During the first half-year 2010 17,178 companies filed for bankruptcy. This means that the number of insolvency cases in comparison with the same period of the previous year (16,441) has risen by 4.48 percent. However, the insolvency statistics for the current year look like being more moderate than originally feared: In its current survey for 2010, the Hamburg financial information agency Bürgel reckons with a slight rise by three to four percent and forecasts up to 35,000 cases. “Nevertheless even more companies are having to instigate insolvency proceedings than at the time of the financial crisis. An economic balance has not yet been reached,” Bürgel’s Managing Director, Dr. Norbert Sellin, emphasises.
Heading the list of corporate insolvencies during the first half-year in respect of the federal states is North Rhine-Westphalia (3,305 cases) when regarding the absolute figures. The following positions are occupied by Bavaria with 2,258 bankruptcies, Baden-Wurttemberg (1,863) and Lower Saxony (1,781).
If one presents the statistics in relation to the company density in each of the federal states, then the least number of corporate insolvencies is apparent in Hamburg with 29 cases per 10,000 companies. Also in Bavaria (38), Baden-Wurttemberg, the Saarland and Thuringia (40 cases each), the numbers of cases are comparatively low. These states lie below the federal average of 46 insolvencies per 10,000 companies.
The worst results are recorded – by far – in Bremen with 80 insolvencies per 10,000 companies. But the survey has also come up with increased figures in Saxony-Anhalt (67 cases per 10,000 companies), Schleswig-Holstein (62) and in Berlin (59).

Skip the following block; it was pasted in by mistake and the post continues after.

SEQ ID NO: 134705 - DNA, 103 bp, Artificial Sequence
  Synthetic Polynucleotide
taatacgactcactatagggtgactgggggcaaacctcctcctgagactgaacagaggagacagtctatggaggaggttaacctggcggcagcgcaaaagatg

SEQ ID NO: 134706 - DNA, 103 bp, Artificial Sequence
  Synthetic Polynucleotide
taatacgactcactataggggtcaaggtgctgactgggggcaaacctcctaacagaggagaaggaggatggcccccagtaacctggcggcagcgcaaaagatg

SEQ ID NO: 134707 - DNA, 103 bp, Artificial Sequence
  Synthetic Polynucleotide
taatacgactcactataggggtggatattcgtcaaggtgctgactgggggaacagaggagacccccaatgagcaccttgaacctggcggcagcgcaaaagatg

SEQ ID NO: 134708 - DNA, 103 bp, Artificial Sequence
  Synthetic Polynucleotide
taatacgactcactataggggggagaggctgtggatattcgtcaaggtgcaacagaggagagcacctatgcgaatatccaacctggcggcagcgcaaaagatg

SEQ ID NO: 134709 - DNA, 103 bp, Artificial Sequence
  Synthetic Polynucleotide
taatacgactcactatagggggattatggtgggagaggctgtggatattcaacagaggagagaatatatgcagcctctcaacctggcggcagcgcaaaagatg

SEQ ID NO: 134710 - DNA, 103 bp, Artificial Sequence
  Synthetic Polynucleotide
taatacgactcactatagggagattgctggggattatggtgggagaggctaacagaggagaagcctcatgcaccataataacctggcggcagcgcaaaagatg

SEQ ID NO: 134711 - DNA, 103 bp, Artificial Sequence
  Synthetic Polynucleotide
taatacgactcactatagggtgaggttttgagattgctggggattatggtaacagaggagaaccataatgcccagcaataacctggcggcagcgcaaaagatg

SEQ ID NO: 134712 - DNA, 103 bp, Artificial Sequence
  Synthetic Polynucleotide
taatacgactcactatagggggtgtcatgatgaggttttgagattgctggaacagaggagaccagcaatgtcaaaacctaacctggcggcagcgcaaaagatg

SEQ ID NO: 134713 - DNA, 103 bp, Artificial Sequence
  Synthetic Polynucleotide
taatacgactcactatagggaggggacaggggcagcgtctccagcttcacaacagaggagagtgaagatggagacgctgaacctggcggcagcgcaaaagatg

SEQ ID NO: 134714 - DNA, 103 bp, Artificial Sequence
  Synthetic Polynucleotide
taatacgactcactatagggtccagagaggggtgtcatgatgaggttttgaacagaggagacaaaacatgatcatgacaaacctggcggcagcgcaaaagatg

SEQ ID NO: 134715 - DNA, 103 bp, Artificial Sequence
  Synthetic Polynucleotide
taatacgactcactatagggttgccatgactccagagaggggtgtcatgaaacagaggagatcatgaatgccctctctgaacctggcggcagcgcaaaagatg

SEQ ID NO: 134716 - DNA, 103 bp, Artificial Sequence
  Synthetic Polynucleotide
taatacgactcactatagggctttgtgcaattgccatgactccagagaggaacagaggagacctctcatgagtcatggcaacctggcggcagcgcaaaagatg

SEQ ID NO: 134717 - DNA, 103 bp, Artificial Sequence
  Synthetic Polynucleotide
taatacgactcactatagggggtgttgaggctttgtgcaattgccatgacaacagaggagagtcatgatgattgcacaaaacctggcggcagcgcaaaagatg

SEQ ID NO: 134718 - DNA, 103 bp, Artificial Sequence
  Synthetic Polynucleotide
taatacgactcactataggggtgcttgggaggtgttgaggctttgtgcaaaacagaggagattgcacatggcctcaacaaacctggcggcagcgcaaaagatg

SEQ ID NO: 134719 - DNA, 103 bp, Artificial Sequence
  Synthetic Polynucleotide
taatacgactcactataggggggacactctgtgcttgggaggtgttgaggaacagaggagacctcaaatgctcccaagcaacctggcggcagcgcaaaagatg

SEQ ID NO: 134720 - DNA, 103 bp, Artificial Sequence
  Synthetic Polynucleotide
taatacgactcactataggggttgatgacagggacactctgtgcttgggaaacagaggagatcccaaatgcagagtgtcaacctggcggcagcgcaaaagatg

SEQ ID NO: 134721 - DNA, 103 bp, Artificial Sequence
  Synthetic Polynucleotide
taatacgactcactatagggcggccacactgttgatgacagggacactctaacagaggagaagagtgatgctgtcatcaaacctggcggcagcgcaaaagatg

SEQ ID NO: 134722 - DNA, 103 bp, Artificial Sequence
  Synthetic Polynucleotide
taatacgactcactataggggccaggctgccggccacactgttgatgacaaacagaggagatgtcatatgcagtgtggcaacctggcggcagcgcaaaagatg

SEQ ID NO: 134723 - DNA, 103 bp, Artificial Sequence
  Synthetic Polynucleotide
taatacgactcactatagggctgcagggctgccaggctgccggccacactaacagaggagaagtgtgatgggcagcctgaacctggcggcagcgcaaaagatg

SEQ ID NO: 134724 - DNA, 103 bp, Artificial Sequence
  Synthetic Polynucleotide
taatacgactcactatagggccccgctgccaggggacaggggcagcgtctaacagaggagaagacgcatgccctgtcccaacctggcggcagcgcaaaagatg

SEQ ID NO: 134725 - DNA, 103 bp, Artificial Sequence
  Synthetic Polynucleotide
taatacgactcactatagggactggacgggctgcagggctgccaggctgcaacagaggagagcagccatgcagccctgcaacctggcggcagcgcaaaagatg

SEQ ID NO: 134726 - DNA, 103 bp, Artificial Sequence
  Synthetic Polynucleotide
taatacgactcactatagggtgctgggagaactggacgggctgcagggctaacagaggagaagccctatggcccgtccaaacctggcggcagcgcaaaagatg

The strongest increase in insolvency figures by 25.3 percent to 1,316 cases was recorded during the first half-year 2010 in Hesse. But also in Bavaria (plus 22.66 percent; 1st half-year 2010: 2,258) and Lower Saxony (plus 21.65 percent; 1st half-year 2010: 1,781) the numbers of bankruptcies are on the increase. In the meantime the insolvency statistics are showing a downward trend in the Saarland with minus 29.79 percent – likewise in North Rhine-Westphalia (minus 22.36 percent), Thuringia (minus 17.99 percent) and Hamburg (minus 8.20 percent).
The worst hit by corporate insolvencies during the first half-year are 6,977 commercial enterprises. This corresponds to a share of 41 percent of all corporate insolvencies registered during the survey period. 35 percent of all bankruptcies affect the legal form GmbH. Here 5,982 companies applied for creditor protection during the survey period. With regard to the age of the companies concerned, it is particularly companies that have only been active on the market for one to two years, that have had to noticeably shed their feathers – with a share of 18 percent of the insolvency figures. On the other hand the companies that came off the most lightly were those who have already been in existence for more than 50 years.
Even if the number of cases is lower than expected and the underlying economic conditions have turned out to be quite favourable – keyword: strong increase in exports (Federal Statistical Office) and a forecast economic growth of 1.4 percent (IWF) – the effects of the development during the first half-year for the German economy should not be underestimated. The four main reasons for the continued large numbers of corporate insolvencies are, firstly, the absence of new or rather the cancellation or postponement of already placed orders. In the second instance, domino effects cause insolvent companies to drag other companies along with them into bankruptcy.
Thirdly, the restrictive bank lending policy is jointly responsible for the insolvency trend at a continued high level. Fourthly, many companies have also made internal errors: in their management, through lack of controlling and the poor structural adjustment as well as outdated technologies.